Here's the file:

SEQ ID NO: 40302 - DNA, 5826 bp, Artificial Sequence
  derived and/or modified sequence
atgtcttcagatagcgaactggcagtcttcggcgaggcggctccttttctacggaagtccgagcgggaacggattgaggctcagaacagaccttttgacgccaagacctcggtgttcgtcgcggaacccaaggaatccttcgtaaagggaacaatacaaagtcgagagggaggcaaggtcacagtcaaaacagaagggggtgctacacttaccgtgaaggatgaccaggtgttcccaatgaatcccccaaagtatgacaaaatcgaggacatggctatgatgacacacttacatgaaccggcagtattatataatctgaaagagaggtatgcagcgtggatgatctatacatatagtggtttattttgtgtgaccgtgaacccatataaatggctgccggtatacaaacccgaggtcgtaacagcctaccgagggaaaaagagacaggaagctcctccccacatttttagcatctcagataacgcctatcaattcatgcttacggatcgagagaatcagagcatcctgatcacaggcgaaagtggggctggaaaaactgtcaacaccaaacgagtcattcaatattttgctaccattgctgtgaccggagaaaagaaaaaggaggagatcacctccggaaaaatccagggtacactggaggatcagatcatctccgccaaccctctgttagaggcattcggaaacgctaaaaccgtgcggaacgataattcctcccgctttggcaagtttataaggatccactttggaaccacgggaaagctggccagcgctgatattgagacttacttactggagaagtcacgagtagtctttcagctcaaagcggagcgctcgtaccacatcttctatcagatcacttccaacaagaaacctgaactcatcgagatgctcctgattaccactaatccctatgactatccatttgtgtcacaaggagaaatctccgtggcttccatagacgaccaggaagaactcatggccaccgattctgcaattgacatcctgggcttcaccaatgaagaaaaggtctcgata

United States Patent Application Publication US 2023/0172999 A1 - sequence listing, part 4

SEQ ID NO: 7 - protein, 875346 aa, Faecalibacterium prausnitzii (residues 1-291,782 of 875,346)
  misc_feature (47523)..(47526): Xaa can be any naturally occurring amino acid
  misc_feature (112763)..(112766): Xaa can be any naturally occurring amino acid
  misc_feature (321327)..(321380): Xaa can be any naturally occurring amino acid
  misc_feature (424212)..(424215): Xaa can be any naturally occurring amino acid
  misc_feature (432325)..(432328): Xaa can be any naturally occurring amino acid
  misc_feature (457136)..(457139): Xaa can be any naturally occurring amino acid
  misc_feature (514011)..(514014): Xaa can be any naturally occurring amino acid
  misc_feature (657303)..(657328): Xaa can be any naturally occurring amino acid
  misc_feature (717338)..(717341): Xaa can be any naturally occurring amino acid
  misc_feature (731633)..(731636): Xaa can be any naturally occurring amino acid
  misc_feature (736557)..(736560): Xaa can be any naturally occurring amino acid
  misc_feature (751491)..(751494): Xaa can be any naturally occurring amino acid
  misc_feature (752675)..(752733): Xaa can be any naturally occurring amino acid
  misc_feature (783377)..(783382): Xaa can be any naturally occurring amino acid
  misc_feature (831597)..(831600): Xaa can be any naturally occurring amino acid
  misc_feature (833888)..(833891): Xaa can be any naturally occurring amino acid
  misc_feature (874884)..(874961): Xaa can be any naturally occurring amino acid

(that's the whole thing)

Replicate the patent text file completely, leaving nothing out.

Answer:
SEQ ID NO: 40302 - DNA, 5826 bp, Artificial Sequence
  derived and/or modified sequence
atgtcttcagatagcgaactggcagtcttcggcgaggcggctccttttctacggaagtccgagcgggaacggattgaggctcagaacagaccttttgacgccaagacctcggtgttcgtcgcggaacccaaggaatccttcgtaaagggaacaatacaaagtcgagagggaggcaaggtcacagtcaaaacagaagggggtgctacacttaccgtgaaggatgaccaggtgttcccaatgaatcccccaaagtatgacaaaatcgaggacatggctatgatgacacacttacatgaaccggcagtattatataatctgaaagagaggtatgcagcgtggatgatctatacatatagtggtttattttgtgtgaccgtgaacccatataaatggctgccggtatacaaacccgaggtcgtaacagcctaccgagggaaaaagagacaggaagctcctccccacatttttagcatctcagataacgcctatcaattcatgcttacggatcgagagaatcagagcatcctgatcacaggcgaaagtggggctggaaaaactgtcaacaccaaacgagtcattcaatattttgctaccattgctgtgaccggagaaaagaaaaaggaggagatcacctccggaaaaatccagggtacactggaggatcagatcatctccgccaaccctctgttagaggcattcggaaacgctaaaaccgtgcggaacgataattcctcccgctttggcaagtttataaggatccactttggaaccacgggaaagctggccagcgctgatattgagacttacttactggagaagtcacgagtagtctttcagctcaaagcggagcgctcgtaccacatcttctatcagatcacttccaacaagaaacctgaactcatcgagatgctcctgattaccactaatccctatgactatccatttgtgtcacaaggagaaatctccgtggcttccatagacgaccaggaagaactcatggccaccgattctgcaattgacatcctgggcttcaccaatgaagaaaaggtctcgata

United States Patent Application Publication US 2023/0172999 A1 - sequence listing, part 4

SEQ ID NO: 7 - protein, 875346 aa, Faecalibacterium prausnitzii (residues 1-291,782 of 875,346)
  misc_feature (47523)..(47526): Xaa can be any naturally occurring amino acid
  misc_feature (112763)..(112766): Xaa can be any naturally occurring amino acid
  misc_feature (321327)..(321380): Xaa can be any naturally occurring amino acid
  misc_feature (424212)..(424215): Xaa can be any naturally occurring amino acid
  misc_feature (432325)..(432328): Xaa can be any naturally occurring amino acid
  misc_feature (457136)..(457139): Xaa can be any naturally occurring amino acid
  misc_feature (514011)..(514014): Xaa can be any naturally occurring amino acid
  misc_feature (657303)..(657328): Xaa can be any naturally occurring amino acid
  misc_feature (717338)..(717341): Xaa can be any naturally occurring amino acid
  misc_feature (731633)..(731636): Xaa can be any naturally occurring amino acid
  misc_feature (736557)..(736560): Xaa can be any naturally occurring amino acid
  misc_feature (751491)..(751494): Xaa can be any naturally occurring amino acid
  misc_feature (752675)..(752733): Xaa can be any naturally occurring amino acid
  misc_feature (783377)..(783382): Xaa can be any naturally occurring amino acid
  misc_feature (831597)..(831600): Xaa can be any naturally occurring amino acid
  misc_feature (833888)..(833891): Xaa can be any naturally occurring amino acid
  misc_feature (874884)..(874961): Xaa can be any naturally occurring amino acid